# Wave eqn. Greens func. depends only on rel. distance proof.

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In summary, the Green's function for the wave equation satisfies the differential equation $$\square G(x,x') = \delta^{(4)}(x-x')$$ and must depend only on the relative distance between two events in spacetime due to the symmetry of the problem. This can be proven rigorously by considering the translation invariance of the problem and showing that a shifted Green's function would lead to a contradiction.
center o bass
The Greens function for the wave equation satisfies the differential equation

$$\square G(x,x') = \delta^{(4)}(x-x')$$

where ##\square= \partial_\nu \partial^\nu## is the wave operator and ##x,x'## are four vectors labeling events in spacetime. If we require ##G(x,x') \to 0## as ##x \to \infty## it is often stated that ##G(x,x')## must depend only on the relative distance due to the symmetry of the problem. But I wonder, how can one prove this rigorously?

It follows from the translation invariance of the problem: if the function ##f(x)## satisfies the wave equation ##\partial_{\nu}\partial^{\nu}f(x)=0##, then also the shifted function, ##f(x+c)##, where ##c## is any constant four-vector, satisfies the same equation.

Try forming a "shifted" Green's function ##G(x+c,x'+c)## and show that if it's not equal to ##G(x,x')##, you get a contradiction with the translation invariance.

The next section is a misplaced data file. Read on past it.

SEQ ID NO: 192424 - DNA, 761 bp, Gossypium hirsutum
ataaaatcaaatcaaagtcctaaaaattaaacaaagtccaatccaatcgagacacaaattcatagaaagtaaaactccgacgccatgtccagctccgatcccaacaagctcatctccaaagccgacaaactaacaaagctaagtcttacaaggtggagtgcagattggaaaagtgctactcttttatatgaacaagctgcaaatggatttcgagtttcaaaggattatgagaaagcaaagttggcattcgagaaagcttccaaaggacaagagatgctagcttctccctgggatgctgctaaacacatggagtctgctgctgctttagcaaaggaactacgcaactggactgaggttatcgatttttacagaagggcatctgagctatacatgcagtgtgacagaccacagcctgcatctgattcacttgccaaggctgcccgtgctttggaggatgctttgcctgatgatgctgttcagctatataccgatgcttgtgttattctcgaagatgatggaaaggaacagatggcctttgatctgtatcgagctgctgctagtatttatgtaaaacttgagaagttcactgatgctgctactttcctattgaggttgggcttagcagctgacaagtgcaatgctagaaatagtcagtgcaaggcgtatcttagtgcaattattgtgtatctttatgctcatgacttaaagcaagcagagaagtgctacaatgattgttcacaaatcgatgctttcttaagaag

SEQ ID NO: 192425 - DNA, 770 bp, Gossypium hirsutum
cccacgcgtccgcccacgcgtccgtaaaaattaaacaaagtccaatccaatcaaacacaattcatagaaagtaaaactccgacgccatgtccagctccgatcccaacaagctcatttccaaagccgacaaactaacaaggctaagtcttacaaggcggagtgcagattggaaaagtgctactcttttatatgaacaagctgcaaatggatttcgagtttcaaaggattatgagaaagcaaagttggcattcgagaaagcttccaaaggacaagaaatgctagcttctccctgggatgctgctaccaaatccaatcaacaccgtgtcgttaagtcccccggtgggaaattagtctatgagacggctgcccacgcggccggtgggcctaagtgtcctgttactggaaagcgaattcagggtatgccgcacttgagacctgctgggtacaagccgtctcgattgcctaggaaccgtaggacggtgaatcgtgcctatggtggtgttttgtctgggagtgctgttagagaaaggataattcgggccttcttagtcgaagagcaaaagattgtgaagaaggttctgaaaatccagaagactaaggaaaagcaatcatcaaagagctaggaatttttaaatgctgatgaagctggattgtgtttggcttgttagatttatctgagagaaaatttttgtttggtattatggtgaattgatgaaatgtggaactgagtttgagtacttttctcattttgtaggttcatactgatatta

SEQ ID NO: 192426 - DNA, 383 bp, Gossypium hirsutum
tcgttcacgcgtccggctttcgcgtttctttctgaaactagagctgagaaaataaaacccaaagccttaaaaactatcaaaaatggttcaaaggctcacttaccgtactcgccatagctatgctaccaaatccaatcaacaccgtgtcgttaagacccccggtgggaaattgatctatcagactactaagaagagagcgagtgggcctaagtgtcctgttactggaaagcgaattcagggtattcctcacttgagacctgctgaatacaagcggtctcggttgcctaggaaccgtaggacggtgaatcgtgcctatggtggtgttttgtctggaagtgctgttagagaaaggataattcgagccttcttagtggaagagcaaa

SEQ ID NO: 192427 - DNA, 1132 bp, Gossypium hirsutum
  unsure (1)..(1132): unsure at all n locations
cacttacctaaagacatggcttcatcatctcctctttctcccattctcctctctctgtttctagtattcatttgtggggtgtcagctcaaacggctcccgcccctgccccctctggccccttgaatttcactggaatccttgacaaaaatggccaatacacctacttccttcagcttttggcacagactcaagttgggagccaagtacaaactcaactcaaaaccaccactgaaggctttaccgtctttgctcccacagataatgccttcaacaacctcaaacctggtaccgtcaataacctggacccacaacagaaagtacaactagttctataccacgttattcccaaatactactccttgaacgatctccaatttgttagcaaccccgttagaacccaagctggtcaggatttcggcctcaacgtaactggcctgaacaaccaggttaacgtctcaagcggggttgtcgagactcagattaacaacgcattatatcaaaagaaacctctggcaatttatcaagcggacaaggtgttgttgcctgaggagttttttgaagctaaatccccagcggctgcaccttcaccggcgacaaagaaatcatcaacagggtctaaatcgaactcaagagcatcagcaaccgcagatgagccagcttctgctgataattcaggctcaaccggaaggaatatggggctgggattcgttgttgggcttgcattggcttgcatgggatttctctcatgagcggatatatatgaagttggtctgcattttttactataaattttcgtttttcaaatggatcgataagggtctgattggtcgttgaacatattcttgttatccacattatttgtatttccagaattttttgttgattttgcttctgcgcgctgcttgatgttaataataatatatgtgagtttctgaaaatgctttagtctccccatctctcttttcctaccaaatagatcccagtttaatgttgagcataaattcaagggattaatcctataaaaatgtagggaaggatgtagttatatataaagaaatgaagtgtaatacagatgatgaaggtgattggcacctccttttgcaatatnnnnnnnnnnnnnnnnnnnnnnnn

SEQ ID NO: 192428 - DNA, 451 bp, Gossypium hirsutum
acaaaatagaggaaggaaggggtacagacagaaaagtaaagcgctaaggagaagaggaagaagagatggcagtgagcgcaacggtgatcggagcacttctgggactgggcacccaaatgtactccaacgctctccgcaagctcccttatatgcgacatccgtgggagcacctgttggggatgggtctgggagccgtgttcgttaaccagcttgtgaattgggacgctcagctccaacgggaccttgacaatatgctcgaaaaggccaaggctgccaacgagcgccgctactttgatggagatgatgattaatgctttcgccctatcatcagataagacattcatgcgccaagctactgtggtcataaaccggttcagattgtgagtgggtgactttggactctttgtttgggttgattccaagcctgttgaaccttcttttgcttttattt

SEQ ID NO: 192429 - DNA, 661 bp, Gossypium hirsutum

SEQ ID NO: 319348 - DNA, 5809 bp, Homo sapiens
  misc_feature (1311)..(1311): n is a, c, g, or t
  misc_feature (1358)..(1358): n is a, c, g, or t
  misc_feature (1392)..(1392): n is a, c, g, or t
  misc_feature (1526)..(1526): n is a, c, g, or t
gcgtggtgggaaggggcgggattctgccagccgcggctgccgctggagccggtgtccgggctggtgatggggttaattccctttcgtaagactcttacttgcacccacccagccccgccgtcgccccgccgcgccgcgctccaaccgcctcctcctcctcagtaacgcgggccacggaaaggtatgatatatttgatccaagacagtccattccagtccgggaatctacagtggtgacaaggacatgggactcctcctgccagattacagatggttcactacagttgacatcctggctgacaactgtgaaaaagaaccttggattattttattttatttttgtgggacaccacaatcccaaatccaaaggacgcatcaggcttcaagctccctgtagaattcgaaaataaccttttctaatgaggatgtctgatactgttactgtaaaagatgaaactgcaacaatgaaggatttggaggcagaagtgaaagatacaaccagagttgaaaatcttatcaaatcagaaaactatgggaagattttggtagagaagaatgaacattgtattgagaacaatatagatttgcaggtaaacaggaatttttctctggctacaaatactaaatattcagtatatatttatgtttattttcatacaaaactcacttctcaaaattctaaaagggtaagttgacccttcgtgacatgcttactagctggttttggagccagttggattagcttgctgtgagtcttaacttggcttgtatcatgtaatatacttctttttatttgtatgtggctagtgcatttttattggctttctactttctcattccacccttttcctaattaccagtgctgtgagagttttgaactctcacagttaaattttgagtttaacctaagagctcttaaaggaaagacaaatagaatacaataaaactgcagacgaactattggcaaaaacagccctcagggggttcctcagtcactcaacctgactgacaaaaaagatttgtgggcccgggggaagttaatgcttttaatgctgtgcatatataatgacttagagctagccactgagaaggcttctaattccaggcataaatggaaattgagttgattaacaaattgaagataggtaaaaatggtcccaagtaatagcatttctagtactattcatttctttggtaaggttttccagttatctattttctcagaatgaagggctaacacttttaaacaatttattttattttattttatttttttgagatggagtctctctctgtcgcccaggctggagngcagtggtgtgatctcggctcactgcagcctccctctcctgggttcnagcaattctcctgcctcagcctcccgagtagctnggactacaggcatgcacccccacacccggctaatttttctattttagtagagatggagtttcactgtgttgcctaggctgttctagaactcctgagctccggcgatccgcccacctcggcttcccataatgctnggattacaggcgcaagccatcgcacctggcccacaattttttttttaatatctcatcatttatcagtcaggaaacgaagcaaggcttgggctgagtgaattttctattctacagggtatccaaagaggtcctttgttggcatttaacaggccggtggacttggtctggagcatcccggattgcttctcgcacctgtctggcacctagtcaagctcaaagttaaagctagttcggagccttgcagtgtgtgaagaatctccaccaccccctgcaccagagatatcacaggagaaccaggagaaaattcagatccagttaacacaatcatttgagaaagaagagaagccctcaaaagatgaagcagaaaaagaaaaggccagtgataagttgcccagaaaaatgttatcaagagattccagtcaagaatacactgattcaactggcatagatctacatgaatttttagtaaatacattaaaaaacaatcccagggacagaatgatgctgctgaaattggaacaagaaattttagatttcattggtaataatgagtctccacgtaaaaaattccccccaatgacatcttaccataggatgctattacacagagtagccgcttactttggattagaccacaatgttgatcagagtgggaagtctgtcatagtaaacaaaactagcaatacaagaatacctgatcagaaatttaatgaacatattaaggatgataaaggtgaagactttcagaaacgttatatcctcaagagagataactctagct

## 1. What is the wave equation?

The wave equation is a mathematical formula that describes the behavior of waves in a given medium. It is commonly used in physics and engineering to model and analyze various types of wave phenomena, such as sound waves, light waves, and water waves.

## 2. What is the Green's function for the wave equation?

The Green's function for the wave equation is a mathematical solution that helps us understand how waves propagate in a given medium. It is a function of both time and distance, and it describes the response of the medium to a localized disturbance or source.

## 3. Why does the Green's function for the wave equation only depend on relative distance?

This is because the wave equation itself is a translation-invariant differential equation, meaning that it is independent of the origin or reference point. Therefore, the Green's function, which is a solution to the wave equation, must also be independent of the reference point and only depend on the relative distance between the source and the observation point.

## 4. How is the proof for the dependence of the Green's function on relative distance derived?

The proof for the dependence of the Green's function on relative distance is based on the mathematical properties of translation invariance and superposition. By using these properties, we can show that the Green's function is independent of the reference point and only depends on the relative distance between the source and the observation point.

## 5. What implications does the dependence of the Green's function on relative distance have?

This dependence allows us to simplify the mathematical calculations involved in solving the wave equation. It also means that the Green's function can be used to describe the behavior of waves in any medium, regardless of the specific location or reference point.

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